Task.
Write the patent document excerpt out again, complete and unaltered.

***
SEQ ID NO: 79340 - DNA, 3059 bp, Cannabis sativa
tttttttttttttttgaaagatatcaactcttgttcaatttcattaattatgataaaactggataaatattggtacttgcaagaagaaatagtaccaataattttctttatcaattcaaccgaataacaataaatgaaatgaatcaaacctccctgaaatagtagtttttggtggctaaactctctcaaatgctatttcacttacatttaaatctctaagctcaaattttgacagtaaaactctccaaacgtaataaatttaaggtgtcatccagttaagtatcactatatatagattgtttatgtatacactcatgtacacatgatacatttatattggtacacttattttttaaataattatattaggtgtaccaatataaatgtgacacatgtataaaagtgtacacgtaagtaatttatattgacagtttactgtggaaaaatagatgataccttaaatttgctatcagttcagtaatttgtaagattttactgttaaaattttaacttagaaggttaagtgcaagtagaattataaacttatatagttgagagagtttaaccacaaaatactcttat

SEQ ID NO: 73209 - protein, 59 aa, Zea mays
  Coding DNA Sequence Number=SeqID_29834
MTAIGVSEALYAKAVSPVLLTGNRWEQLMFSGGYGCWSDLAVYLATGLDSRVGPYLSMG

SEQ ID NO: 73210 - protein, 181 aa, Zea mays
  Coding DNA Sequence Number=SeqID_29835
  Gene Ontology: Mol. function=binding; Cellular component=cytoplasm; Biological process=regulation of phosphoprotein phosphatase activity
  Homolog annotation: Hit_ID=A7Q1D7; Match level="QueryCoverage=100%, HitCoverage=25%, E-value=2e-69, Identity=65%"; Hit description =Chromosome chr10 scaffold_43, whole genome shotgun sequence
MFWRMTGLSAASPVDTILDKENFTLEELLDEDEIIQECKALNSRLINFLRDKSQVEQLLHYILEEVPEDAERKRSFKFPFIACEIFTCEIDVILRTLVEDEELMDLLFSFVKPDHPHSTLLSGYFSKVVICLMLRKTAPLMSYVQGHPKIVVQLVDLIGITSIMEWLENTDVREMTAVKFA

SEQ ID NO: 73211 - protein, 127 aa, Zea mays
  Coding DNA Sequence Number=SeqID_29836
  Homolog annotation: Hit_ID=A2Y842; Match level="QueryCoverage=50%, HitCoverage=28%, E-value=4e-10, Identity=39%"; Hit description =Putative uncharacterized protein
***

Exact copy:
SEQ ID NO: 79340 - DNA, 3059 bp, Cannabis sativa
tttttttttttttttgaaagatatcaactcttgttcaatttcattaattatgataaaactggataaatattggtacttgcaagaagaaatagtaccaataattttctttatcaattcaaccgaataacaataaatgaaatgaatcaaacctccctgaaatagtagtttttggtggctaaactctctcaaatgctatttcacttacatttaaatctctaagctcaaattttgacagtaaaactctccaaacgtaataaatttaaggtgtcatccagttaagtatcactatatatagattgtttatgtatacactcatgtacacatgatacatttatattggtacacttattttttaaataattatattaggtgtaccaatataaatgtgacacatgtataaaagtgtacacgtaagtaatttatattgacagtttactgtggaaaaatagatgataccttaaatttgctatcagttcagtaatttgtaagattttactgttaaaattttaacttagaaggttaagtgcaagtagaattataaacttatatagttgagagagtttaaccacaaaatactcttat

SEQ ID NO: 73209 - protein, 59 aa, Zea mays
  Coding DNA Sequence Number=SeqID_29834
MTAIGVSEALYAKAVSPVLLTGNRWEQLMFSGGYGCWSDLAVYLATGLDSRVGPYLSMG

SEQ ID NO: 73210 - protein, 181 aa, Zea mays
  Coding DNA Sequence Number=SeqID_29835
  Gene Ontology: Mol. function=binding; Cellular component=cytoplasm; Biological process=regulation of phosphoprotein phosphatase activity
  Homolog annotation: Hit_ID=A7Q1D7; Match level="QueryCoverage=100%, HitCoverage=25%, E-value=2e-69, Identity=65%"; Hit description =Chromosome chr10 scaffold_43, whole genome shotgun sequence
MFWRMTGLSAASPVDTILDKENFTLEELLDEDEIIQECKALNSRLINFLRDKSQVEQLLHYILEEVPEDAERKRSFKFPFIACEIFTCEIDVILRTLVEDEELMDLLFSFVKPDHPHSTLLSGYFSKVVICLMLRKTAPLMSYVQGHPKIVVQLVDLIGITSIMEWLENTDVREMTAVKFA

SEQ ID NO: 73211 - protein, 127 aa, Zea mays
  Coding DNA Sequence Number=SeqID_29836
  Homolog annotation: Hit_ID=A2Y842; Match level="QueryCoverage=50%, HitCoverage=28%, E-value=4e-10, Identity=39%"; Hit description =Putative uncharacterized protein